Patrington was really no more than a couple of bus stops on the winding road to Hull. Twenty miles if you went this way….seventeen if you went the other way, through Withernsea, past the lighthouse up Hull road . At Big Hill the road dropped steeply. You could get to the top of Big Hill, and pedal furiously downhill, bending low over the handlebars. If you got it right, the bicycle would fly so fast that you simply could not pedal any faster. Then, just before the bottom, a tight and frightening corner angling to the left, and you would lean hard like a motorbike racer, barely staying to the left side of the road before you had to throw right into the next corner and on the to the steep incline on the other side.
With luck you could get all the way up the other side without having to dismount and walk. The corner at Big Hill was where his grandmother (only just this year) and grandfather (the year before) were buried. On the high side of Big Hill in the cemetery there. It always mystified Andy how you could go out of the town in one direction, and get to Hull, and in a completely different direction, through different villages and farms, and still arrive at the big city bus station. Hull was where his beloved auntie and uncle lived. Auntie who was his mums sister, and uncle who was probably the kindest man in the whole world. While he stamped his feet against the cold, Andy wondered why he had bothered to come this way.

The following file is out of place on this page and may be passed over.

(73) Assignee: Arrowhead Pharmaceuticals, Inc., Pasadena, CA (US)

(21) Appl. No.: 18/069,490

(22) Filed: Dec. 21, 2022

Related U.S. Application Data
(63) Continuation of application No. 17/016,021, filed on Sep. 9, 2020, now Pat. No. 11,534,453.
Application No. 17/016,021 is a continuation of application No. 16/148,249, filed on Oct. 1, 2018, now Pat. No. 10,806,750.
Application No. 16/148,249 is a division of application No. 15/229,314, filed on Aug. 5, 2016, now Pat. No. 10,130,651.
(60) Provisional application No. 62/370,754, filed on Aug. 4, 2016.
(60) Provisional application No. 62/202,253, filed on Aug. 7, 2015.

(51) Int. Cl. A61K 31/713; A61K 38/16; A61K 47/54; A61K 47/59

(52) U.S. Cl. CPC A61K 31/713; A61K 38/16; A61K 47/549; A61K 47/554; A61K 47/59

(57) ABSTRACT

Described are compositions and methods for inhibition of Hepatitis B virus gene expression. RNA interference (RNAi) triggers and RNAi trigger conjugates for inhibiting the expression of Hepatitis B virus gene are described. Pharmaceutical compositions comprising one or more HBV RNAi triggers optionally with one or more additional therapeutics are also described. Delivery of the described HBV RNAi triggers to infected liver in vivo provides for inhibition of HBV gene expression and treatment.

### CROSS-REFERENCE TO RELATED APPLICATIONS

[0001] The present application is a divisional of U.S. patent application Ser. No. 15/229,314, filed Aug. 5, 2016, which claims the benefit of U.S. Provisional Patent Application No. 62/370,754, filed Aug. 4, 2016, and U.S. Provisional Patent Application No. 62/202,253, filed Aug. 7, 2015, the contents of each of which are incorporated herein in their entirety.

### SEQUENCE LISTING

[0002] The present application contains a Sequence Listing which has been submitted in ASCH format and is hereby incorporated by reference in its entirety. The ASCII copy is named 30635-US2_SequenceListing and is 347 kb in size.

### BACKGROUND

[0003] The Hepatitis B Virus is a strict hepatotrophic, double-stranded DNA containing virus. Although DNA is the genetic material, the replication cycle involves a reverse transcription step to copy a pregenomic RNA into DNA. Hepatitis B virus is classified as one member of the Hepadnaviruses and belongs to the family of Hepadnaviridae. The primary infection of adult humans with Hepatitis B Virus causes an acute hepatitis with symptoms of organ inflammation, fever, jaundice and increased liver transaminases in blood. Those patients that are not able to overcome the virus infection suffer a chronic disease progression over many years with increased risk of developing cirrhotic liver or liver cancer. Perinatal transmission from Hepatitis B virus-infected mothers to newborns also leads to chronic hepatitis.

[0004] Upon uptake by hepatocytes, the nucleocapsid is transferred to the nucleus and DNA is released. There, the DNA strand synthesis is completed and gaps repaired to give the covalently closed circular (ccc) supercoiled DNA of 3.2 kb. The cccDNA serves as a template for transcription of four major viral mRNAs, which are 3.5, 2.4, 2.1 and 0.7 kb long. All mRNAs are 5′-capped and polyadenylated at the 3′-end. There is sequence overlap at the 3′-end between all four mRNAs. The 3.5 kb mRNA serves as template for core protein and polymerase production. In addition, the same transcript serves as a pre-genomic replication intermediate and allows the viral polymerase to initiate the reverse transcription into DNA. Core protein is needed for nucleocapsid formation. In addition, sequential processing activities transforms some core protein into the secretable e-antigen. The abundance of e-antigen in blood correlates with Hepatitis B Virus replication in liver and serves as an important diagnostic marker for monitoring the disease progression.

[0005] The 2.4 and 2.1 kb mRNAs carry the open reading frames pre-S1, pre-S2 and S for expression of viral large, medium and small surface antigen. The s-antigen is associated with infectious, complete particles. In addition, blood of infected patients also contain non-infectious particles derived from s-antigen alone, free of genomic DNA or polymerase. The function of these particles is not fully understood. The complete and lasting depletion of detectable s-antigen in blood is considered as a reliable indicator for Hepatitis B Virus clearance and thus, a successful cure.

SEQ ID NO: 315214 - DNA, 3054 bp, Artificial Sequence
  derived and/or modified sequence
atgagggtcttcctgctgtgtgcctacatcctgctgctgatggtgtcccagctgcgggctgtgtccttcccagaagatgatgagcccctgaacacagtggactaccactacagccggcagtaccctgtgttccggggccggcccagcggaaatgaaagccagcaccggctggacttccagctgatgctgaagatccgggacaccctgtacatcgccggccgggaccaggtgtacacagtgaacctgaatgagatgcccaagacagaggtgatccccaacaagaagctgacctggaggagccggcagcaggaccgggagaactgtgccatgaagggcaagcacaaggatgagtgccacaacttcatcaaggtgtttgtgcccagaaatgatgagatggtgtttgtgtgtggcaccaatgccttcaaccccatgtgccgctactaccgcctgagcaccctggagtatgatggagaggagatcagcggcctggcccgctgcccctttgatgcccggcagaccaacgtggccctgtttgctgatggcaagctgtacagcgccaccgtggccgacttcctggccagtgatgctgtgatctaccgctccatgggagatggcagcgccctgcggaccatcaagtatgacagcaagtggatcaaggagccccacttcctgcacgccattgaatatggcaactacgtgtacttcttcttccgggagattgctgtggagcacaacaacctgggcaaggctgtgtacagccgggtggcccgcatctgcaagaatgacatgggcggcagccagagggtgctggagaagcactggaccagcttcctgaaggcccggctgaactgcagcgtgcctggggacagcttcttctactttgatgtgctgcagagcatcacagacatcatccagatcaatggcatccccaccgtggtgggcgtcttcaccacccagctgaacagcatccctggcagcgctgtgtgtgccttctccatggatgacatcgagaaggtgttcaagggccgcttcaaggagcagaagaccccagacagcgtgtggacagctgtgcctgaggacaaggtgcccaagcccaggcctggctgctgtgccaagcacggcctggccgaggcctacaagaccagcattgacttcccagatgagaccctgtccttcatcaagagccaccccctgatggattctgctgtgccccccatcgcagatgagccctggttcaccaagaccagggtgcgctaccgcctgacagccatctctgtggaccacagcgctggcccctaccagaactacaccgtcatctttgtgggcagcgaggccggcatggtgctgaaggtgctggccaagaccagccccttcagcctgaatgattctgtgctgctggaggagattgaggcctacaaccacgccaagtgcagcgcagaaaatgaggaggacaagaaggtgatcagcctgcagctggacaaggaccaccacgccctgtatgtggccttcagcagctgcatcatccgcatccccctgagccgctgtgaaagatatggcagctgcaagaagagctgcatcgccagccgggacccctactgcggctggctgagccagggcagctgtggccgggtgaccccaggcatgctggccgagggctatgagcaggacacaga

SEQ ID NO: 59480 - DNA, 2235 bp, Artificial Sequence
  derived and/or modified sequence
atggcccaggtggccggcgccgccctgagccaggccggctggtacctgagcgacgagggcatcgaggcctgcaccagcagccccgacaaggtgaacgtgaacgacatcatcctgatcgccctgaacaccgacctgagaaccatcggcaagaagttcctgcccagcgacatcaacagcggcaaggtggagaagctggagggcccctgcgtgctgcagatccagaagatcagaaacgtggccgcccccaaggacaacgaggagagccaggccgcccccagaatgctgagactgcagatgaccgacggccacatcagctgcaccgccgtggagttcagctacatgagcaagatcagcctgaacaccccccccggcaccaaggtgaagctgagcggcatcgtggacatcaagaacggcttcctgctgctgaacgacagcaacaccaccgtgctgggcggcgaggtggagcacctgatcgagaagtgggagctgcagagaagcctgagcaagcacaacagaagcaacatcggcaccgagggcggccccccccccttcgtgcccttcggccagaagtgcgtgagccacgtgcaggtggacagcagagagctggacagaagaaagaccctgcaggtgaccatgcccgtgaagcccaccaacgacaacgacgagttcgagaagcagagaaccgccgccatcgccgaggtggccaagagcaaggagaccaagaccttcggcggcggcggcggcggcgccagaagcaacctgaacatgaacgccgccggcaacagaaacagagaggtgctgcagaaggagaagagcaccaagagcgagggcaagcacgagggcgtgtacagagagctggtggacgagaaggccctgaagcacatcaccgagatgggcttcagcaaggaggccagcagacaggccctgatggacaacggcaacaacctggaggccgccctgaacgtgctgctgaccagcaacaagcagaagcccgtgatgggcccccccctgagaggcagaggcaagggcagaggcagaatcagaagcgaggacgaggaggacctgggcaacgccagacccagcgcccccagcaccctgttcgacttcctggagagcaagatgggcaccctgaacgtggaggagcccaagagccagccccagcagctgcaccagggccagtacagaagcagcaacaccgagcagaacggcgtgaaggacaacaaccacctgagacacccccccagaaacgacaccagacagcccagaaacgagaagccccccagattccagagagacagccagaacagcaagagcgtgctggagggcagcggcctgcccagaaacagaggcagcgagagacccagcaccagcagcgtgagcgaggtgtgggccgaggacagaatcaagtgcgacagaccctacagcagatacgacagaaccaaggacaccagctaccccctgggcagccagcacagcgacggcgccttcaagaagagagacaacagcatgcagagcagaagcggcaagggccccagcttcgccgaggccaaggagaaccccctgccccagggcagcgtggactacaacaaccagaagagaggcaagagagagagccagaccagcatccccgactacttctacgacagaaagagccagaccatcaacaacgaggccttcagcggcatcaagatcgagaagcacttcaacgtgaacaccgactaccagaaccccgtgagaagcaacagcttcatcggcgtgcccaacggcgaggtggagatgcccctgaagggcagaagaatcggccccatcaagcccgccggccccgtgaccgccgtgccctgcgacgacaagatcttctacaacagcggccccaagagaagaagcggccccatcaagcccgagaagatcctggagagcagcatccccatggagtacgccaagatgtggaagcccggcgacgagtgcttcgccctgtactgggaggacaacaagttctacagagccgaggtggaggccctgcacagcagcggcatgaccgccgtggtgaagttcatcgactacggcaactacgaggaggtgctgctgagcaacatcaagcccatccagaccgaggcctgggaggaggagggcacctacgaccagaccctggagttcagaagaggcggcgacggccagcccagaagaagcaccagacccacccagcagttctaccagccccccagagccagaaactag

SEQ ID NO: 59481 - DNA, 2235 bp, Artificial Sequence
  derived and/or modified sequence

This way the road was all undulations, where no sooner had you got some speed up on the downgrade than you were puffing and panting up again. It was the same whichever way you traveled on this road. No advantage going back…even with the wind at your back, which it would not be this afternoon.